In a corner of a Bethesda restaurant, a long table is set with a white tablecloth, ready for lunch. But there will be no fancy dining this Saturday afternoon.

Amid loud whoops and even louder music, the eaters are introduced. There is Don "Moses" Lerman, who once consumed seven sticks of butter in five minutes. There is a burly 57-year-old man with a big stomach known as "the Cal Ripken of the Calorie" and a 6-foot-6, 325-pound football coach whose nickname is "Yellowcake Subich," possibly because he loves corn bread. One guy wears a black cape.

The loudest cheers, though, are reserved for a tiny woman with arms like twigs and no apparent stomach. "Sonya! Sonya!" onlookers chant. One holds up a sign: "Sonya for President." Another wears a T-shirt: "Sonya, if you marry me, you can have all the food you want."

The object of this adulation, Sonya Thomas, sits at the table in front of a giant tray of greasy buffalo wings, licks her fingers, rocks back and forth and then, when the crowd counts down from 10, begins what she calls the "rip and strip.'' Her jaws in constant motion, she dives into the wings, turning each one over and over, tearing meat from bone with her teeth, shoveling a wing down her throat every four to five seconds. She rarely looks up.

Within 10 minutes, the 98-pound Thomas has consumed 5.75 pounds of meat, more than 150 wings in all.

In the end, when all the men have been beaten, some appearing ready to vomit, Thomas smiles for the cameras, waves at her fans and holds up a $1,500 check indicating that she has, indeed, won the Verizon VoiceWing Buffalo Wing Eating Battle.

Then she heads out for a salad.

It was just another day at the restaurant, so to speak, for the 38-year-old resident of the Alexandria section of Fairfax who is the top-ranked U.S. speed eater. Thomas, who is known as the "black widow" (because, she says, she likes to "kill the men"), is increasingly dominating a fast-growing competitive eating circuit that is part sport, part entertainment and a lot of spectacle and hype.

Since she discovered her inner pig in 2003, Thomas has set 23 world records. Some of her personal favorites: 80 chicken nuggets in five minutes; 552 oysters in 10 minutes; 44 Maine lobsters in 12 minutes and 11 pounds of cheesecake in nine minutes.

"She's very good,'' says Lerman, 56, the butter-eating champion from Long Island, who wears a shirt that says "the fastest hands in competitive eating" and sports a silver chain with a miniature French bulldog charm for luck.

"She's got speed, capacity and good technique," he said. "Internally, the stomach is the same size, whether you are 500 pounds or 120."

Mark Kantor, who studies the workings of the stomach for a living, is skeptical.

"She's just so small. I wonder how she keeps it all down," said Kantor, an associate professor of nutrition and food science at the University of Maryland. "It wouldn't surprise me if she was bulimic. After the time limit has expired, she may just throw it all up."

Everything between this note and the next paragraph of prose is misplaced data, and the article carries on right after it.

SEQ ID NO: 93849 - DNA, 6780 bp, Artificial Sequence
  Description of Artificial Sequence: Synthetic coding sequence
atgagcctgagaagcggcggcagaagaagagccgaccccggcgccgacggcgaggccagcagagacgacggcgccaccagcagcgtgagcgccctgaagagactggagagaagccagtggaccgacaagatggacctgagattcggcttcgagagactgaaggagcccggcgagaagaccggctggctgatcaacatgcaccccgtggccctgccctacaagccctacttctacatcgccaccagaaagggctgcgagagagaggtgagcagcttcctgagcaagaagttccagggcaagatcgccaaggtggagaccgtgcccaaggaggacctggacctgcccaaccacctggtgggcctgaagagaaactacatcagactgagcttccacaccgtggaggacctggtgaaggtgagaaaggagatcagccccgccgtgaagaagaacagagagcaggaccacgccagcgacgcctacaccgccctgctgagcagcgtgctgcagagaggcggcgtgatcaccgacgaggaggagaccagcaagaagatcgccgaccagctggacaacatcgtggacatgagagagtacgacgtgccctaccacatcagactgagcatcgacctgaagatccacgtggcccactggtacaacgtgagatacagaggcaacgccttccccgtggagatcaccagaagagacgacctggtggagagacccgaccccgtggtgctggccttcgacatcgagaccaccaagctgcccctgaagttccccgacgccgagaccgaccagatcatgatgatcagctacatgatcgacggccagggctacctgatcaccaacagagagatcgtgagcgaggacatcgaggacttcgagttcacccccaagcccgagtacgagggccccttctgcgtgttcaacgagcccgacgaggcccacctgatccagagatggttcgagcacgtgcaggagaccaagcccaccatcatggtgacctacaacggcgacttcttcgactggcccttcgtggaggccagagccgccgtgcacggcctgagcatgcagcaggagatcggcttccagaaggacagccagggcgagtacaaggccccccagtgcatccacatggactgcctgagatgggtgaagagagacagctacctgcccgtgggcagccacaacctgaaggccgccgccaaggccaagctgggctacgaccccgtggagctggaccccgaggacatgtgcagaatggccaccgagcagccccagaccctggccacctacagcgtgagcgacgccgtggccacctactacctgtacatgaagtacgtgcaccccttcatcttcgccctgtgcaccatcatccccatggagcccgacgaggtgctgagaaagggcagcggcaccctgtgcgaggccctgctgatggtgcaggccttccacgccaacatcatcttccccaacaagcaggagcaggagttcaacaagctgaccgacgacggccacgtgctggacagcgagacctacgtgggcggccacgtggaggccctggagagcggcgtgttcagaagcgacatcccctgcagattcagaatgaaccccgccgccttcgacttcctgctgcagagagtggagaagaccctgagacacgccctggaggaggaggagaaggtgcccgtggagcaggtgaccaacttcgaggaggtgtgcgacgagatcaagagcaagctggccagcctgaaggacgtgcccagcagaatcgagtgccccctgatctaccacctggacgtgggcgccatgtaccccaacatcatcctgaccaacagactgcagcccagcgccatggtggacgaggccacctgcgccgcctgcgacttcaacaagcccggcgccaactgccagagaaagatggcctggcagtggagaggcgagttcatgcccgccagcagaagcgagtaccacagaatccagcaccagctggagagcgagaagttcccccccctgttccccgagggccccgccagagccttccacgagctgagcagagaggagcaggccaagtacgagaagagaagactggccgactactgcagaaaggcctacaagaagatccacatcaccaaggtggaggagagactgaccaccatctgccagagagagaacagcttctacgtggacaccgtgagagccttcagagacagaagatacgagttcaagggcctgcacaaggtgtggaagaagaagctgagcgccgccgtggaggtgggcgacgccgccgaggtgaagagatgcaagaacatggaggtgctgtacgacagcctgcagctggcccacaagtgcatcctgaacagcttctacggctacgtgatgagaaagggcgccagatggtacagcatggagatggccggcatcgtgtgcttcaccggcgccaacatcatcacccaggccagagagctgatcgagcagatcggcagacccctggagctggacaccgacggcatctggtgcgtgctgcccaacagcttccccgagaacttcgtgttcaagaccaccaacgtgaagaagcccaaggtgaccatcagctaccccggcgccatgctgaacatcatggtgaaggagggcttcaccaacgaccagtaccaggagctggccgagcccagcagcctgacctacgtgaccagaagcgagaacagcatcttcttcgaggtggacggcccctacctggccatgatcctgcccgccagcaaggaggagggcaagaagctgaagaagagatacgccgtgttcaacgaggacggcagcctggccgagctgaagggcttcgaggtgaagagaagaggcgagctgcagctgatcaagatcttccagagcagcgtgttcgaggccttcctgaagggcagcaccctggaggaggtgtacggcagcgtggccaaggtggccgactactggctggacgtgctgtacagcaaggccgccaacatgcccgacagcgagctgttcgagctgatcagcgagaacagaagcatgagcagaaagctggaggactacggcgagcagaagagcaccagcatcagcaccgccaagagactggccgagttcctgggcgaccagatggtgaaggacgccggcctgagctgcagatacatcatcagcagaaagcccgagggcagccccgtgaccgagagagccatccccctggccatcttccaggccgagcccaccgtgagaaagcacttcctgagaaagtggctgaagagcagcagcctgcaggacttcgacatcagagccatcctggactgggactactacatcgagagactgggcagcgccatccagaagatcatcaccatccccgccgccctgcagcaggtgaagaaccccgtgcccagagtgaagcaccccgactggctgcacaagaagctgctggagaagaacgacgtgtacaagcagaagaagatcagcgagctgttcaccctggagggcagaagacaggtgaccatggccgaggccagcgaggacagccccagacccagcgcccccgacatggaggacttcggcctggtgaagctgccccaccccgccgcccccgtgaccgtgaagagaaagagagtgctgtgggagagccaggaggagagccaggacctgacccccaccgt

Perhaps, Kantor added, Thomas's success can be explained by her having a more elastic stomach than most people and a strong sphincter between the stomach and esophagus helping to control the vomiting reflex.

Thomas insists that she keeps all of her food down and that she developed her stomach's seemingly limitless capacity primarily by drinking three 42-ounce diet Cokes every day during her shift as manager at the Burger King at Andrews Air Force Base. Many people think she purges, "but it's not the truth," Thomas said. "They don't understand how you can expand inside the stomach, how you can train.''

Thomas said she digests her food within eight to 12 hours after a competition and has never become sick. The only time she came close, she said, was after the cheesecake-eating competition in 2004.

"Oh, God, my stomach was upset. I couldn't think about cheesecake all day," she said.

Her strong constitution also could be the result of her avoiding the competitive eating circuit's more exotic foods, such as beef tongue, butter and mayonnaise. Her chief rival, Japanese sensation Takeru Kobayashi, has no such compunctions. Though he is most famous for downing 531/2 hot dogs and buns in 12 minutes, Kobayashi -- the world's only eater ranked above Thomas -- is also an unparalleled gourmand of cow brains.

He once ate 57 servings in 15 minutes. Technically, however, a tendency to hurl would not change a contest's results, so long as the hurling was done in the privacy of a post-pigout bathroom. But during the contest -- that's a different story. Richard Shea, president of the International Federation of Competitive Eating, was quick to make that point at the recent buffalo wing battle.

"Anybody who suffers a reversal of fortune, also known as the Roman method, or makes me utter the term 'Elvis has left the building' will immediately be disqualified,'' Shea warned the competitors.

Shea, who uttered humorous pronouncements during the contest with the rolling tongue of a carnival barker, is a tireless promoter of competitive eating.

He says the sport has been around in an organized fashion for about two centuries and was especially popular in the United States in the early 20th century. The annual Nathan's Famous Fourth of July International Hot Dog-Eating Contest on Coney Island has been held in some form since 1916.